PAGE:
The leadership of the Superior Council of Magistracy (CSM) yesterday asked the Judicial Inspection to check whether the legal requirements on the randomised allocation of cases had been observed at the Bucharest Tribunal, following suspicions of a possible manipulation of the automatic workload allocation system. ‘The CSM leadership has brought to the attention of the Judicial Inspection possible disciplinary violations occurring at the Bucharest Tribunal in connection with the randomised case allocation,’ a CSM press release reads.
CSM has decided to take action following information surfacing in the case where judges Antonela Costache and Viorica Dinu had been arrested for influence peddling and bribery. Sorin Vasilescu, an archive clerk at the same court, lawyers and other people were arrested in the same case on suspicion of having contacted the two judges, asking that certain cases be allocated to specific magistrates, as well as intervening for favourable settlements of various cases pending in the Bucharest Tribunal and Bucharest Court of Appeal, in exchange for high sums of money. Realitatea TV says the prosecutors had the two judges audio-taped while they were in a Tribunal lift. The transcripts of their conversation show that one of the court clerks had manipulated the computer system in order for the cases of Dinel Nutu (former Staicu) to be allocated to specific panels of magistrates who had been paid off in order to release him.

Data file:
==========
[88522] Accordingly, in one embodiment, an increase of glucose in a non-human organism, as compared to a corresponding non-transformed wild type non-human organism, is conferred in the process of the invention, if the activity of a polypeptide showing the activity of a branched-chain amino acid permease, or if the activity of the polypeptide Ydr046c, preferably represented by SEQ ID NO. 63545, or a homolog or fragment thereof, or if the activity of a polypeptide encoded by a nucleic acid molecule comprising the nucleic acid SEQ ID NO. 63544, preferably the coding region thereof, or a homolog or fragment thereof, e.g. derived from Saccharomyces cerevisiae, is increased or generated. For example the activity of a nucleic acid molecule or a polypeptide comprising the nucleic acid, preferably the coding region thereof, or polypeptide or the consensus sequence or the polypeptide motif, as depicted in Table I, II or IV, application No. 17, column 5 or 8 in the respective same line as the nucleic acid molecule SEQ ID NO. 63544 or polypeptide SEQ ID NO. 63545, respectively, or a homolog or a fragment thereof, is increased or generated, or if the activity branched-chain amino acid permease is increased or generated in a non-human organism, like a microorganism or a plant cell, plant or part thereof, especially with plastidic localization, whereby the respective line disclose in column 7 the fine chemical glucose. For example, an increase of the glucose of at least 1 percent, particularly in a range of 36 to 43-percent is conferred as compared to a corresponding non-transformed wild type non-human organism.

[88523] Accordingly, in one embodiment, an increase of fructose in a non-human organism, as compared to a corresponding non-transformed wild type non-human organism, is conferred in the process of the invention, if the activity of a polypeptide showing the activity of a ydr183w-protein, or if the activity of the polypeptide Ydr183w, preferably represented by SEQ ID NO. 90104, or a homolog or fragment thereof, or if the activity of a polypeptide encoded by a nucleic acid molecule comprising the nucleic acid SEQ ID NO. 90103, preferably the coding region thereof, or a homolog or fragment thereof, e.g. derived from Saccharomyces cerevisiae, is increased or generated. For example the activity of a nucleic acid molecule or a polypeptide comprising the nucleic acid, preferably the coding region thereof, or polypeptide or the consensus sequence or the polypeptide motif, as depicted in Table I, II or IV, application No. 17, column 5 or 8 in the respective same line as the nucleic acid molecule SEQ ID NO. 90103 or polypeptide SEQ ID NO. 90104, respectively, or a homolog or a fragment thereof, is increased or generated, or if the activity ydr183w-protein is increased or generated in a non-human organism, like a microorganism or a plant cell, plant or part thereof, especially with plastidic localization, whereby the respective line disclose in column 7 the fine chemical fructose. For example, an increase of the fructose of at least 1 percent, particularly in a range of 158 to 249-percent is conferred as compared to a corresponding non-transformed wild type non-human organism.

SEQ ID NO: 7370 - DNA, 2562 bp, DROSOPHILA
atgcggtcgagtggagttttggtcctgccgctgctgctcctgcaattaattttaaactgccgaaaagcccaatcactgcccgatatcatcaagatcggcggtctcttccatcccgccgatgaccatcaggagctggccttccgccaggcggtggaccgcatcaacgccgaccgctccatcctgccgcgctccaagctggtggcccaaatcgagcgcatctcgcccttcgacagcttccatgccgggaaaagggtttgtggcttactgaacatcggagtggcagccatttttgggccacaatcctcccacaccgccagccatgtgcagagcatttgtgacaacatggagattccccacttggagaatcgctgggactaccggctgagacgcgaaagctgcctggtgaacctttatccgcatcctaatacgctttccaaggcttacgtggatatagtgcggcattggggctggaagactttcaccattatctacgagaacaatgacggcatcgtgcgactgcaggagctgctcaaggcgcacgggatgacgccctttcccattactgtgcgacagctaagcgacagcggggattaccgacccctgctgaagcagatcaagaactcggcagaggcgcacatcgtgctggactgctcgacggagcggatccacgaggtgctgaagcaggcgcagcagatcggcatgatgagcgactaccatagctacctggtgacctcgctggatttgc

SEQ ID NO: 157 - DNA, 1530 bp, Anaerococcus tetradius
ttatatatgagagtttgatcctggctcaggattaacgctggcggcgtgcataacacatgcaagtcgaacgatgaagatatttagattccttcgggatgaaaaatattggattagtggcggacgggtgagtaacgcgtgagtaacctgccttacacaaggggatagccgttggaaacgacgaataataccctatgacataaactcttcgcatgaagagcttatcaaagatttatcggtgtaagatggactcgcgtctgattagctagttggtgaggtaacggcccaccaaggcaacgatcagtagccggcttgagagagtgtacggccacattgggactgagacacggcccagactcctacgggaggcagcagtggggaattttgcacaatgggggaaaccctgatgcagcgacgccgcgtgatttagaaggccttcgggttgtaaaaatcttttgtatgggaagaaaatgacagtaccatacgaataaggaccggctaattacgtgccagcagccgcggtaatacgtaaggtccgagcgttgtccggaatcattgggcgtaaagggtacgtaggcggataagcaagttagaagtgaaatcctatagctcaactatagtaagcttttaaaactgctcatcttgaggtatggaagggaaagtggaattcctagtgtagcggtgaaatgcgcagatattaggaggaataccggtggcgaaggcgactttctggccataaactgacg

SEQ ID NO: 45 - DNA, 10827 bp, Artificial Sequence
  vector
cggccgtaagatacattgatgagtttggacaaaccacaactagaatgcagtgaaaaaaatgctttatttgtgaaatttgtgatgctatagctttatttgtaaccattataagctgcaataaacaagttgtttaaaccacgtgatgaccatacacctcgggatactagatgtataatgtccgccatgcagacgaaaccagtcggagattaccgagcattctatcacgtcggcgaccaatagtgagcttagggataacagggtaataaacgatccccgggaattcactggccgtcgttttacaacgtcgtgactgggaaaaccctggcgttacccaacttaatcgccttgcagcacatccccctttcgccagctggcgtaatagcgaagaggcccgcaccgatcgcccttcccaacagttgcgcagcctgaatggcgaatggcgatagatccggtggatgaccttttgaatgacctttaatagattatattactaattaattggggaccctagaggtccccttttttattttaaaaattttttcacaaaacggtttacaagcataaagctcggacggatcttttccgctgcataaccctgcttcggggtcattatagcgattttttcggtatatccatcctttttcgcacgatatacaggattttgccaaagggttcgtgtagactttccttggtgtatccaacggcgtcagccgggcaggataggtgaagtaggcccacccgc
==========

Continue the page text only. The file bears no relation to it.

CSM President Oana Schmidt Haineala (photo) told Realitatea Tv that she had decided to ask CSM members to sanction the tasking of the Judicial Inspection with checks to determine if any other similar manipulations had happened there. ‘Such checks may not be performed without a vote’, said the CSM president, adding that the verification would also prevent similar situations in the future. Laura Stefan (Expert Forum) said on Realitatea TV that the criminal file of the two arrested judges showed very clearly that the randomised case allocation system can be manipulated in a number of ways, some of which possible because of flaws in the IT system itself, some others because of the ill faith of people operating it. Laura Andrei, President of the Bucharest Tribunal, said on Digi24 Tv that it was ‘a routine check’.‘CSM checks the randomised allocation system every year’, she said, adding that, after the scandal with the two arrested judges, it was predictable that CSM would do an inspection.